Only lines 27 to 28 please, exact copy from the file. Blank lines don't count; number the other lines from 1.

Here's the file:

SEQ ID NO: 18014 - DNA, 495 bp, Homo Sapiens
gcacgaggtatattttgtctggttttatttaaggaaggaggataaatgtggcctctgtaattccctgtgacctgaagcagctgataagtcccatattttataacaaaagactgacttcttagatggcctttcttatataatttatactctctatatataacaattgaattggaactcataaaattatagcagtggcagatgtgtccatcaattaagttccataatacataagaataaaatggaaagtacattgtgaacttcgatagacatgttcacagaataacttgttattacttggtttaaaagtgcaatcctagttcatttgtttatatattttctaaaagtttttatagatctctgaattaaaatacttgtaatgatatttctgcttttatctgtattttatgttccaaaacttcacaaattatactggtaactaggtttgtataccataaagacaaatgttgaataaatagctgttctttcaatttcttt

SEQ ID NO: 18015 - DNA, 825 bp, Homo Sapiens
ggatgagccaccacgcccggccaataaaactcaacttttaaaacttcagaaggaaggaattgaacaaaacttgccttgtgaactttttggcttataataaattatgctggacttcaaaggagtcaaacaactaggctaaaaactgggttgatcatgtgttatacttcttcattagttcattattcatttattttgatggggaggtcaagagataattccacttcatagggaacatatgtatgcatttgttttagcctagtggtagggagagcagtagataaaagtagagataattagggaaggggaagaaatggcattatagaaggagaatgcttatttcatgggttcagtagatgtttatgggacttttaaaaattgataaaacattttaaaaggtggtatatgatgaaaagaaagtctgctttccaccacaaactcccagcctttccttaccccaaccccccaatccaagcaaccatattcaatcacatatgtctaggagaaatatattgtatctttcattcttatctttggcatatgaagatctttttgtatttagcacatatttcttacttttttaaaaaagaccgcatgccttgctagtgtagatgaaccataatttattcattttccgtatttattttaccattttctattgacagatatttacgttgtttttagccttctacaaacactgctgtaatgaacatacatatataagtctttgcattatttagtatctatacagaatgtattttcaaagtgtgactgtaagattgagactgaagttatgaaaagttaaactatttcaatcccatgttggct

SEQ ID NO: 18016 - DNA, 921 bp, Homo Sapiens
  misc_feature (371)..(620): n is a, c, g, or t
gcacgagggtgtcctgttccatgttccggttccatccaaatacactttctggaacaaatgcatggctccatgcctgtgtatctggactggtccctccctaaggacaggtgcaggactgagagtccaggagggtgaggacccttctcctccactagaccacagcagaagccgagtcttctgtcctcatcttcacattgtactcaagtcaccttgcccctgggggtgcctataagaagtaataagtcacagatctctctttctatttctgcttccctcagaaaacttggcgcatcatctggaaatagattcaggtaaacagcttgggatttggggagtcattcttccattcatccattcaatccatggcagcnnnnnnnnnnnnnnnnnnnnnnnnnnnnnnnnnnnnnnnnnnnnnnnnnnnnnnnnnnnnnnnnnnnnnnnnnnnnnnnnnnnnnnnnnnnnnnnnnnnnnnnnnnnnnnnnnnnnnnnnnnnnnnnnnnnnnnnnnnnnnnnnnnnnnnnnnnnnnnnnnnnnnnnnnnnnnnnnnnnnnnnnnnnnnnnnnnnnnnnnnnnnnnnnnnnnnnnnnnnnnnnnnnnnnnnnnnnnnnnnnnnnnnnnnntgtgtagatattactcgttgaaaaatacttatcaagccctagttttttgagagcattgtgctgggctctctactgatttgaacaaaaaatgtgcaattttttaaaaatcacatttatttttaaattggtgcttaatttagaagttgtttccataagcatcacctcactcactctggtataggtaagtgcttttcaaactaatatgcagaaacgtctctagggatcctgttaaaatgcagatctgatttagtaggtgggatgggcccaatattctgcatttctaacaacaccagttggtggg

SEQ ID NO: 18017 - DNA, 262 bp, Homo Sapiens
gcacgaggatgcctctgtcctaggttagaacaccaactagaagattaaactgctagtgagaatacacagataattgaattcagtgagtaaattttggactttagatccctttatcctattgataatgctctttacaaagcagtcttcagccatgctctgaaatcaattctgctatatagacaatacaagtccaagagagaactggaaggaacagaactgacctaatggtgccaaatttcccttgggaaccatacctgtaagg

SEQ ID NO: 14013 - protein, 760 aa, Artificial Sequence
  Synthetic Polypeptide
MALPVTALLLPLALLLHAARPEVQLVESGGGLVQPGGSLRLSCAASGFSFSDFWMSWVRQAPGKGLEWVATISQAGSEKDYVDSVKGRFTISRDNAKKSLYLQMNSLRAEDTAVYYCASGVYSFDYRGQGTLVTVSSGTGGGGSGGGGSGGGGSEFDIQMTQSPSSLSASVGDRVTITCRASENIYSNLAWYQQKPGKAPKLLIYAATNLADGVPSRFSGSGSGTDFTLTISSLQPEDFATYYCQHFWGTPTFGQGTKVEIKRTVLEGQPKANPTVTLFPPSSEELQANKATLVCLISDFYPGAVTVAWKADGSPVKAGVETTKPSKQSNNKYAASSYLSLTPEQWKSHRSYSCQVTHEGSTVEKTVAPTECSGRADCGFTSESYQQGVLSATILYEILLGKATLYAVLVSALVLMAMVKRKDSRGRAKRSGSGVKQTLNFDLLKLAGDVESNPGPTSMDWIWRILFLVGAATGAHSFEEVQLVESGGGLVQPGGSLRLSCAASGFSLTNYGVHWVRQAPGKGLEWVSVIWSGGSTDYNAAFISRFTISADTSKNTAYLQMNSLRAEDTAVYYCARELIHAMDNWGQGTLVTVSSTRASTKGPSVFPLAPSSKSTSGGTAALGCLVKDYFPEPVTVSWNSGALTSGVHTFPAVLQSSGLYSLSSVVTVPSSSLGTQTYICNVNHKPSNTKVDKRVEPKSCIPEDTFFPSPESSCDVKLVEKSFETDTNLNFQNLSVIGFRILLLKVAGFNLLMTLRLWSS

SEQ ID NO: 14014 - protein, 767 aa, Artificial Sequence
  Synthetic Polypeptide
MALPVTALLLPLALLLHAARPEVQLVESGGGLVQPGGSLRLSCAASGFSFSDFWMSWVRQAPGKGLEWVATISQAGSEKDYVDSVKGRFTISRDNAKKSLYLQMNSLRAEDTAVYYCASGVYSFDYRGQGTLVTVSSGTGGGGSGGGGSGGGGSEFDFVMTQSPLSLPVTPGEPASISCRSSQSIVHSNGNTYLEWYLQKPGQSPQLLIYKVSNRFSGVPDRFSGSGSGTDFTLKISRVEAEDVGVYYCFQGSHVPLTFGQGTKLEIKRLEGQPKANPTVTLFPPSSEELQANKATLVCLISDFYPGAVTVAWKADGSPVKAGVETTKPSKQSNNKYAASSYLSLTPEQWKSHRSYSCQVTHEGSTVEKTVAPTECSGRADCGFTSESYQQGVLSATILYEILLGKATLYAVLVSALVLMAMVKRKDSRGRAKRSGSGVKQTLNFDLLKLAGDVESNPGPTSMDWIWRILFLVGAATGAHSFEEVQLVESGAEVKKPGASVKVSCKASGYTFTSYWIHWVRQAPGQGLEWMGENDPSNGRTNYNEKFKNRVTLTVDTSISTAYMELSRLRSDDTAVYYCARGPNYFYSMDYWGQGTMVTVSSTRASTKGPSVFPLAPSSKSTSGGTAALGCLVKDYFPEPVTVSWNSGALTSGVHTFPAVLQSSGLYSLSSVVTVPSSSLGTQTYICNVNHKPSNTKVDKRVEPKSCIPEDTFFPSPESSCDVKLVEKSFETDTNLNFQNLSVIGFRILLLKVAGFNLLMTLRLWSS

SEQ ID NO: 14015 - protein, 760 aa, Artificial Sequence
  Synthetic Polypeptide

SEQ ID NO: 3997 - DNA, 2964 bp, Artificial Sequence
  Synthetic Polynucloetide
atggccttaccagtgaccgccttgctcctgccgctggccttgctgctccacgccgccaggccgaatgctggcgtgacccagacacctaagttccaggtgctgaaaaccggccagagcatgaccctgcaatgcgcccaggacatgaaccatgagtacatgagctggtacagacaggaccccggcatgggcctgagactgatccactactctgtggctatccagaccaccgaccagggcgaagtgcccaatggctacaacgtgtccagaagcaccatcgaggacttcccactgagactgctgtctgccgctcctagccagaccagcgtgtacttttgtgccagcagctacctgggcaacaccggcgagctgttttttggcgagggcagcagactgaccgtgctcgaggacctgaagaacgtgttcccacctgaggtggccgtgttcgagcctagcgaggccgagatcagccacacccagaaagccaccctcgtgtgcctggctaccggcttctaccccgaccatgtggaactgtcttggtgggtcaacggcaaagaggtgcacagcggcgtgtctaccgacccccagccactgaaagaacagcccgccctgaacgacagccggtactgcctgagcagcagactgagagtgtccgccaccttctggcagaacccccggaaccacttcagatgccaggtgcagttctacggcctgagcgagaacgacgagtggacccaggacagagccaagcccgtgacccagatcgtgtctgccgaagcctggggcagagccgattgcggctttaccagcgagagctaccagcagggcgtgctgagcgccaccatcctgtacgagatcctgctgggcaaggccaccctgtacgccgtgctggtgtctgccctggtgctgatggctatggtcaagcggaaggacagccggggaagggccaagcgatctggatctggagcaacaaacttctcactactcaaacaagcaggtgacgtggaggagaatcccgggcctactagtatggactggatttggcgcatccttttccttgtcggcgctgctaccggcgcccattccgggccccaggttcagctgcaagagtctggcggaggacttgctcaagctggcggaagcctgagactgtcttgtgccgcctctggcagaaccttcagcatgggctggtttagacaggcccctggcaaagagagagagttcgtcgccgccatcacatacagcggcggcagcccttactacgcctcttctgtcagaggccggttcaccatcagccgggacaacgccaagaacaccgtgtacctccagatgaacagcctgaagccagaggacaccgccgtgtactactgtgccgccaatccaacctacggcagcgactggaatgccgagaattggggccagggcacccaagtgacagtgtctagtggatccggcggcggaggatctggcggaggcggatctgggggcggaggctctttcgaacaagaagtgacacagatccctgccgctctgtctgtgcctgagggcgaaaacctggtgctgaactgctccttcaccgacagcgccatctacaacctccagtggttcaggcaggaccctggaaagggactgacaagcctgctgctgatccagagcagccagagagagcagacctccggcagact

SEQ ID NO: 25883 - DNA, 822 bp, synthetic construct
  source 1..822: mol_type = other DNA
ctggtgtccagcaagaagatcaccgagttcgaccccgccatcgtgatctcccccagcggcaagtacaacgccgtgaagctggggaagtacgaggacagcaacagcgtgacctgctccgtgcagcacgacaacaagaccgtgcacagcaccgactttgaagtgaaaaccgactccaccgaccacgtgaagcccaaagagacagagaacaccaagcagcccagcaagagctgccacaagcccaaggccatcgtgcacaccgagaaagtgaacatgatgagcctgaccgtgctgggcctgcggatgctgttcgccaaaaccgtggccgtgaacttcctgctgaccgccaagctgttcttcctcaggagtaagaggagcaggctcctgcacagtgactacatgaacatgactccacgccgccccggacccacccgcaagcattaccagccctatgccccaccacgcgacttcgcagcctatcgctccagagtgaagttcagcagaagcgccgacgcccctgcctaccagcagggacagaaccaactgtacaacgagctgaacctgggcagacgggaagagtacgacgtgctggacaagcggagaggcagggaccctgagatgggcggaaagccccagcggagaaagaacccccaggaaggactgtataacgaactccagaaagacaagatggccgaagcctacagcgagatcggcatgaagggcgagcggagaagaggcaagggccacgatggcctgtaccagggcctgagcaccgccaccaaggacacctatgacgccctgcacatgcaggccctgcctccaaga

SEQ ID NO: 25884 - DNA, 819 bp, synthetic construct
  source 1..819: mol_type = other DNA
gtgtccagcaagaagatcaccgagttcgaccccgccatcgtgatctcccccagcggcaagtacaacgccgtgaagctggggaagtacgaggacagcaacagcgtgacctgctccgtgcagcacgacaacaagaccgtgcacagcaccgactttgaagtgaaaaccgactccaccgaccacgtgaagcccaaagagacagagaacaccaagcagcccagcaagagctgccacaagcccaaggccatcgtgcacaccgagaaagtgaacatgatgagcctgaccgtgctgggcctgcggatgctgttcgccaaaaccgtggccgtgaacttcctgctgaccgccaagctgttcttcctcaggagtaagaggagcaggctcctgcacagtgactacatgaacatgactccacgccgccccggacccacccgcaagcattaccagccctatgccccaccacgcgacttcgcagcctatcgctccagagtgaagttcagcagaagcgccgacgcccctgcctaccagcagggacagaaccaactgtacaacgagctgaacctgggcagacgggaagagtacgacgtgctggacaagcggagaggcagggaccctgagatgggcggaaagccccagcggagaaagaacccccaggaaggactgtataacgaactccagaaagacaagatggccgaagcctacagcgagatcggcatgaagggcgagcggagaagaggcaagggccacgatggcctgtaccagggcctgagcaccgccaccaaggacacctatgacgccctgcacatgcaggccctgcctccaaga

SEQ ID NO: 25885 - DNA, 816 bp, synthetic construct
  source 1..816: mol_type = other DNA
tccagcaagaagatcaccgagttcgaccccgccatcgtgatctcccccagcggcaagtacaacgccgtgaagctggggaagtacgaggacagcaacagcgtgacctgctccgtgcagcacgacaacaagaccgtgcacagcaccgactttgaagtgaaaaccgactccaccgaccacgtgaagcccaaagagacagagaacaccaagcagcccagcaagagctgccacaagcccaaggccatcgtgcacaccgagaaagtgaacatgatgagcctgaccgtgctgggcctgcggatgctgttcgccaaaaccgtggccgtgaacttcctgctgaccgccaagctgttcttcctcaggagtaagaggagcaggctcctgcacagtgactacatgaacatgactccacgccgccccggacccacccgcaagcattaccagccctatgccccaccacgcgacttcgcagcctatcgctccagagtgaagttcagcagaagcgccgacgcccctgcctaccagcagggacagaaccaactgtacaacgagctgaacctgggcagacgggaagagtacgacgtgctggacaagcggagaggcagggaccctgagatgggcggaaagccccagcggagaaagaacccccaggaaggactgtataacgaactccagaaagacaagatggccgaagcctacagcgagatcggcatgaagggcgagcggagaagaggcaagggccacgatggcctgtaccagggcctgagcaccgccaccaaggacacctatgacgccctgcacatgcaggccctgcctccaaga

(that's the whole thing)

SEQ ID NO: 25885 - DNA, 816 bp, synthetic construct
  source 1..816: mol_type = other DNA